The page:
A Note from Tucker:
Since we began reporting on what happened to our writer and friend Sean Medlock (Jim Treacher), we’ve received many similar stories from readers across the country who’ve told us about their encounters with abusive and negligent federal law enforcement agents.
The sheer volume of the stories stunned us. What happened to Sean apparently is not unique, but part of a larger and disturbing – and frankly un-American – pattern of abuse of power. The government and its law enforcement arms exist to protect its citizens, not bully them. Some have forgotten that. If you have had a similar experience with an out-of-line agent, we urge you to post it below as a public service.
It’s important to note that as widespread as these abuses may be, they are still the exception. The majority of our law enforcement officers are decent and honorable. They perform a difficult, sometimes dangerous job for relatively low pay, and they do it because they love our country. We respect them for that. And because we do, we hope to play some small part in rooting out the bad actors in their midst.
. . .
On the afternoon of April 11, 2008, I was on my way to my now-wife’s house to drop off a cake for an upcoming party before catching a flight to visit her family. The clock was ticking, but I had given myself extra time to run some errands and pack after leaving work. Then Angel Echevarria, an agent with the Federal Protective Service (FPS), swerved out of his lane and slammed his patrol car into the back left side of my car. Instead of apologizing for wrecking my car, Mr. Echevarria verbally accosted me, threatened to arrest me, and made a very deliberate movement to his holstered weapon. When your car is wrecked by an insecure and armed federal officer, constitutional protections against unlawful search and seizure no longer apply.
Paperwork filled out by Mr. Echevarria which omitted not only a valid contact number, but also his vehicle’s license plate number
The road to my wife’s home (now our home) is four lanes – two lanes for each direction of traffic with a landscaped median in between. The sprawling development along the road to the West was part of the 1788 ratification of the Constitution, which authorized Congress to accept roughly ten square miles of territory from the states to be used by and for the new government (the same land was later returned to Virginia in 1846). The neighborhood is quiet, the people are friendly, and there is not a federal building in sight. To this day, I can only assume that an FPS employee in that area had to be headed home and certainly not on duty protecting the country’s federal buildings or its federal employees.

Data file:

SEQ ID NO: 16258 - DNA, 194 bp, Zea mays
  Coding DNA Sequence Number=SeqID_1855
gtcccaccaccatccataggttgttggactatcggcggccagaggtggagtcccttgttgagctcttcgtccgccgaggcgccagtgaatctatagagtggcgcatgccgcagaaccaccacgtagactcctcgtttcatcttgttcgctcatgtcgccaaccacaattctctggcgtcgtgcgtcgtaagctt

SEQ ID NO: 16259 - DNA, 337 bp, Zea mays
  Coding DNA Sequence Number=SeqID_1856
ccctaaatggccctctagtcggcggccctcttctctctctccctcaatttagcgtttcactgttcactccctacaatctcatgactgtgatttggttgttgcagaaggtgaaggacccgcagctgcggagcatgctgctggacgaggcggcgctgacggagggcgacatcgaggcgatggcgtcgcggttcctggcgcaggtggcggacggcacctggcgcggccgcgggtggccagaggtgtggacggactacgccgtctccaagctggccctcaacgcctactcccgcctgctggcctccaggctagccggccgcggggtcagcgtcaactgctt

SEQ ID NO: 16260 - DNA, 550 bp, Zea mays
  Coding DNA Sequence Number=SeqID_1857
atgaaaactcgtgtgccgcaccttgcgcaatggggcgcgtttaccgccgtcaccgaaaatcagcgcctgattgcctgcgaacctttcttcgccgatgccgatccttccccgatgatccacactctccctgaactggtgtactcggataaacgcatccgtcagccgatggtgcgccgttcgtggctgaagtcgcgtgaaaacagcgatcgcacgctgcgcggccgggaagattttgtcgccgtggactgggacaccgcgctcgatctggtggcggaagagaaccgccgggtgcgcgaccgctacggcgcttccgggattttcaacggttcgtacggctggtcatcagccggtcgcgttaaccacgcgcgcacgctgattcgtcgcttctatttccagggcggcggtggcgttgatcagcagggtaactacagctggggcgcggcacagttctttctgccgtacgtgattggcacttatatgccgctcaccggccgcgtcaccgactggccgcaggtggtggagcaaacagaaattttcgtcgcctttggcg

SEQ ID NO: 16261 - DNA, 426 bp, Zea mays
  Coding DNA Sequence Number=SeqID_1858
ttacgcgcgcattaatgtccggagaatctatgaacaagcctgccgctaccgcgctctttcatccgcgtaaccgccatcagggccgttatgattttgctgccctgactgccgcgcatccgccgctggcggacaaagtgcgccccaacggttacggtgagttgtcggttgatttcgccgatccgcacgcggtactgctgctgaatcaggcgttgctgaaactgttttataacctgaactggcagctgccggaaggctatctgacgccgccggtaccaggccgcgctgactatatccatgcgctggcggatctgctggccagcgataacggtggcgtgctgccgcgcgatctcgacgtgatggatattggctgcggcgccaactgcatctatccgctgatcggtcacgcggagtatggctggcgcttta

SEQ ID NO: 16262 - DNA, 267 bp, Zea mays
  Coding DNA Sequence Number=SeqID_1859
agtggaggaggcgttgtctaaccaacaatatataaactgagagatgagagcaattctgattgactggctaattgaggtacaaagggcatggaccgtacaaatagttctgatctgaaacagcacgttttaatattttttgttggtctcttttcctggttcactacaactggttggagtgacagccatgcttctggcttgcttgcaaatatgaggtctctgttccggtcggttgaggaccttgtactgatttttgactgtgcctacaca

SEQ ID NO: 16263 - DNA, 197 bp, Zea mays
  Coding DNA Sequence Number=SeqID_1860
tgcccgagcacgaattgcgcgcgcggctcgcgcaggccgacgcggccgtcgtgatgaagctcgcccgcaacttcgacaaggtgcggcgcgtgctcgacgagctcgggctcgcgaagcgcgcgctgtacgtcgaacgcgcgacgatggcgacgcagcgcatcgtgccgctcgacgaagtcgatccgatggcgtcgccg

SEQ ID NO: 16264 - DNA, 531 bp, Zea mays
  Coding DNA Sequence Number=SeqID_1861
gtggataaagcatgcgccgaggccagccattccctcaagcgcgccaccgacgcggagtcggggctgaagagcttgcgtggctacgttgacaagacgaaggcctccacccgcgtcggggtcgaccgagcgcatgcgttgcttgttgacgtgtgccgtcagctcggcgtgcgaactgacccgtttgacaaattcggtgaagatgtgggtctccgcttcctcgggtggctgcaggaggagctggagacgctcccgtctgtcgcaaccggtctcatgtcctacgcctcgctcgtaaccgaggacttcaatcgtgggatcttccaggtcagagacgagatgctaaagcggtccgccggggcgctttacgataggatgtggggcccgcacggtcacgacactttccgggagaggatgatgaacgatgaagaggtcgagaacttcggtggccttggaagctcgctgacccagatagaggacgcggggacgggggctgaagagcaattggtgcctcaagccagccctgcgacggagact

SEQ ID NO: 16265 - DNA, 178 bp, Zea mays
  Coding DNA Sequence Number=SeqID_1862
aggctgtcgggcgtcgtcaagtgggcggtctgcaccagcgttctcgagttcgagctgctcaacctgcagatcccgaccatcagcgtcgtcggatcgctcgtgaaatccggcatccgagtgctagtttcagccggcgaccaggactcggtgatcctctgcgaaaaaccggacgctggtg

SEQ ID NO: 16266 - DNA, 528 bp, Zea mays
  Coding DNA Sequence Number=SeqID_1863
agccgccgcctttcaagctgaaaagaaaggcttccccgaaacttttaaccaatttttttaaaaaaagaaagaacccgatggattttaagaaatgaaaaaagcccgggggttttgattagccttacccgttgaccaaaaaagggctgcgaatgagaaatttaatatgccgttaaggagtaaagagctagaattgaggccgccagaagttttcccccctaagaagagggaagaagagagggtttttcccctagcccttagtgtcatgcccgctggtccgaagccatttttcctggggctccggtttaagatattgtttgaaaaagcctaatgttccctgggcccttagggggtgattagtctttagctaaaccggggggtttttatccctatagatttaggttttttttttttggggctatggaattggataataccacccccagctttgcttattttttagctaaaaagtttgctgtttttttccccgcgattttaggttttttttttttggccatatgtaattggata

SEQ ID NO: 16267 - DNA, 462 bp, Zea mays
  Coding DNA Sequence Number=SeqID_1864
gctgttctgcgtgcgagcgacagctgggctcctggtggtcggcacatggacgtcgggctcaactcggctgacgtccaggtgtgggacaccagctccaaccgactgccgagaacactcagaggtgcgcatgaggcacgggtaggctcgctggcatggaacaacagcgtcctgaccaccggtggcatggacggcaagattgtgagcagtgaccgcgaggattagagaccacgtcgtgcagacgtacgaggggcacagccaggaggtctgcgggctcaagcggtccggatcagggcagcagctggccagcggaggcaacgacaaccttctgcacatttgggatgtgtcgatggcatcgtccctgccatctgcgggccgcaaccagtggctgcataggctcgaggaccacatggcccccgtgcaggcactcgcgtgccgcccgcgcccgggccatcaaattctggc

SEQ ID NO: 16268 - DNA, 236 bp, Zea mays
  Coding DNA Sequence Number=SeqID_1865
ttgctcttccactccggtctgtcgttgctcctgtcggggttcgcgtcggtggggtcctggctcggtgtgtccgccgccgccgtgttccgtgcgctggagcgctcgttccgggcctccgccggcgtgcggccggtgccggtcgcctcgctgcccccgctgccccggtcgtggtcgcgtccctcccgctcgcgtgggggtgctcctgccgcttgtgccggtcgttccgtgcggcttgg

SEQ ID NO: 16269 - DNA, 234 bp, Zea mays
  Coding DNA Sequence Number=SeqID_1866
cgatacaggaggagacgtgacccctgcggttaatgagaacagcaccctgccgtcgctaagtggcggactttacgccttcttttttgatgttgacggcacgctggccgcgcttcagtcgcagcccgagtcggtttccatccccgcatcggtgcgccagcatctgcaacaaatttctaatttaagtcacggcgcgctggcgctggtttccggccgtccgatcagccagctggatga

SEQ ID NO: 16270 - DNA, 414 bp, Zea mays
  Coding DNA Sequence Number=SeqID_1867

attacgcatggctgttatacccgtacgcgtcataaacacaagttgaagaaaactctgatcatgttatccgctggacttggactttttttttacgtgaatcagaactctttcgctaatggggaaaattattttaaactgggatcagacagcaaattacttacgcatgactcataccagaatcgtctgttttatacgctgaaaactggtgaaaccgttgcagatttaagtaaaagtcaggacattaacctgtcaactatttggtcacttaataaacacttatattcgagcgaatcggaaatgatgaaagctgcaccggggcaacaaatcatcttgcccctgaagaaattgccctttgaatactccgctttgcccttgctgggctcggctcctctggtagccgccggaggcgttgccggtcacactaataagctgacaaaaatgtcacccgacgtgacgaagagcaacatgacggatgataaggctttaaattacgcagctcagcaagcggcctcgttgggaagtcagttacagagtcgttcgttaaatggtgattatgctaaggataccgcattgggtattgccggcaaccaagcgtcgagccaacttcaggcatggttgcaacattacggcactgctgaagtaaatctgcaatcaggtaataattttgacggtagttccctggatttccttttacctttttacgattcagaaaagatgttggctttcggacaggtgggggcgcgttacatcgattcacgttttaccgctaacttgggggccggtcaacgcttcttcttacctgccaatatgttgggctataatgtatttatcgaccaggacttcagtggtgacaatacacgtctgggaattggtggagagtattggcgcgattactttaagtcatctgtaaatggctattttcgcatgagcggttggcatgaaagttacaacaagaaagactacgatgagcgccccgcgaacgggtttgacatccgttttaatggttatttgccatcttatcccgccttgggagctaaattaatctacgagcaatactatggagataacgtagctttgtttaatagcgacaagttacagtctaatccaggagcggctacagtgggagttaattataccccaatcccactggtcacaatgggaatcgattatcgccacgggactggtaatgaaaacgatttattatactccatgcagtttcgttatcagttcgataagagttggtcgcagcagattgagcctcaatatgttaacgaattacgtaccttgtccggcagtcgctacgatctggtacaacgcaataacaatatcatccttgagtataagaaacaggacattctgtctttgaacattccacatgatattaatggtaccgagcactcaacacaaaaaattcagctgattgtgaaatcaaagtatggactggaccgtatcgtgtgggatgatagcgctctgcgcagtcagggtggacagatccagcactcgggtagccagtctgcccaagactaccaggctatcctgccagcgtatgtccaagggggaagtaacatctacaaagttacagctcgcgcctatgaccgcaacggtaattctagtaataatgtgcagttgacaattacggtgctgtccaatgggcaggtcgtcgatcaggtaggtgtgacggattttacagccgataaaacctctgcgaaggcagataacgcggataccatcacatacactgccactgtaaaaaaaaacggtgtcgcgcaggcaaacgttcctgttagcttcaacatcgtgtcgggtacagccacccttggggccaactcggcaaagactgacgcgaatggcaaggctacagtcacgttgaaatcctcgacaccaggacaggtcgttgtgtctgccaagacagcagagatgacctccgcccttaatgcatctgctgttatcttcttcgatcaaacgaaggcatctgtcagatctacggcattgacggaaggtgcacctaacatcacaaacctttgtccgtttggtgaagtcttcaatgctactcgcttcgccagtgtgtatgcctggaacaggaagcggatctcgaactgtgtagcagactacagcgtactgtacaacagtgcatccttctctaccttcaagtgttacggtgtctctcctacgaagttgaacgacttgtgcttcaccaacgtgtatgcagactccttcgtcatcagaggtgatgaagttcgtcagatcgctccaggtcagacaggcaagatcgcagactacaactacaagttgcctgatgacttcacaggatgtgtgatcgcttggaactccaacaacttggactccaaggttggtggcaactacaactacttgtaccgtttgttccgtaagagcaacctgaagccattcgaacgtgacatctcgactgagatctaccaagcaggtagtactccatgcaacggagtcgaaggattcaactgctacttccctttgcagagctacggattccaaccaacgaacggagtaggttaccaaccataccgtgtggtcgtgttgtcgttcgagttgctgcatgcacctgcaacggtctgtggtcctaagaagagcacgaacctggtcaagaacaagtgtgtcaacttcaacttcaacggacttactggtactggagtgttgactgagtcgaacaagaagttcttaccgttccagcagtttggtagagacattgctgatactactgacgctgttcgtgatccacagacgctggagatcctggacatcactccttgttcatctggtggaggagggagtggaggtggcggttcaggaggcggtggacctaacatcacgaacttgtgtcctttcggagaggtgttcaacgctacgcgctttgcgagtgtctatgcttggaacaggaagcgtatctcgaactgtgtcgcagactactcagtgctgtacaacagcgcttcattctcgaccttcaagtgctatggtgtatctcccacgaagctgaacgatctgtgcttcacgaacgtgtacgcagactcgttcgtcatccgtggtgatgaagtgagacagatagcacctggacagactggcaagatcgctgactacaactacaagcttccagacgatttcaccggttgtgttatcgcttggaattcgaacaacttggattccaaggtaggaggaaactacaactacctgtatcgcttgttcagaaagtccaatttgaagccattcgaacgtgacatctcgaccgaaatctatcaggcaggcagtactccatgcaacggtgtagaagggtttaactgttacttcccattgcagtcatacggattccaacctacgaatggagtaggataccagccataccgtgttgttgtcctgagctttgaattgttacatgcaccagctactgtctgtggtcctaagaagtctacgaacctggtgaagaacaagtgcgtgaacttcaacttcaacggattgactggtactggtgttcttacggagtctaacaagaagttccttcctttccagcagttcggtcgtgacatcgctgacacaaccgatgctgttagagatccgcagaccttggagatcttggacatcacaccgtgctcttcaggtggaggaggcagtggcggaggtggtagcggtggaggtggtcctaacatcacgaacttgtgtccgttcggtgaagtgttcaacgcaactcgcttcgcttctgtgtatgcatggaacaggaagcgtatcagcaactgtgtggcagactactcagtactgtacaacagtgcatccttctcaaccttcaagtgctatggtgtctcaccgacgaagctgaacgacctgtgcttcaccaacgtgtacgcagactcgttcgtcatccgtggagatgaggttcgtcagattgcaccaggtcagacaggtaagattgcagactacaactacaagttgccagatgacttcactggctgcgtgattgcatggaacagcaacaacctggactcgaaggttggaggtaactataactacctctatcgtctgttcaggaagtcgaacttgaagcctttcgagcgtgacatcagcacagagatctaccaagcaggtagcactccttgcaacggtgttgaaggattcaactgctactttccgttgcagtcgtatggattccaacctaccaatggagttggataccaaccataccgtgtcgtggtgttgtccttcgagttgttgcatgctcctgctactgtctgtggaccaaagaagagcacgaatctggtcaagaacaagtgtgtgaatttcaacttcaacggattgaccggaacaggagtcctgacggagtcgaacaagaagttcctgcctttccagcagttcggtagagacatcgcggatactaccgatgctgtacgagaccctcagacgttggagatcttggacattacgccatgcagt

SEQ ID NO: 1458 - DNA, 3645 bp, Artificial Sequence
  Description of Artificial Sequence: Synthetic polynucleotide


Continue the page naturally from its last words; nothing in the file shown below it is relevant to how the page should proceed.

I was driving in the right-hand lane and was only a block from my destination. At the approaching light, a line of cars formed in the left-hand lane behind a vehicle waiting to turn left. It was out of this lane that Mr. Echevarria swerved. Sandwiched by parked cars on my right and several other cars on my left (including Mr. Echevarria’s), I had nowhere to go. Mr. Echevarria’s patrol car slammed into the latter half of the front driver’s side door and screeched all the way past my gas tank. After I collected myself and counted to ten, I stepped out of my car, planning to take the high road and ensure that Mr. Echevarria was alright. And that’s when things got interesting.
“Are you alright?” I asked. “NO,” he yelled. “What does it look like? My car is wrecked.”
This was the point at which I realized I might not make that flight.
“Well perhaps you should’ve stayed in your lane, then,” I replied.
“I had my blinker on!”
“I don’t care if your whole car was blinking, you don’t just get to swerve out of your lane and smash other cars.”
Mr. Echevarria then demanded that I provide identification and proof of insurance. I asked him to do the same. When he refused to even give me his name, I declined to provide him with my driver’s license given his behavior and previous outbursts. I knew my rights and I knew that as the person at fault, he had no legitimate authority to use his position to intimidate me. He again demanded my information, and I again declined and requested the same from him. And that’s when things went from interesting to ugly.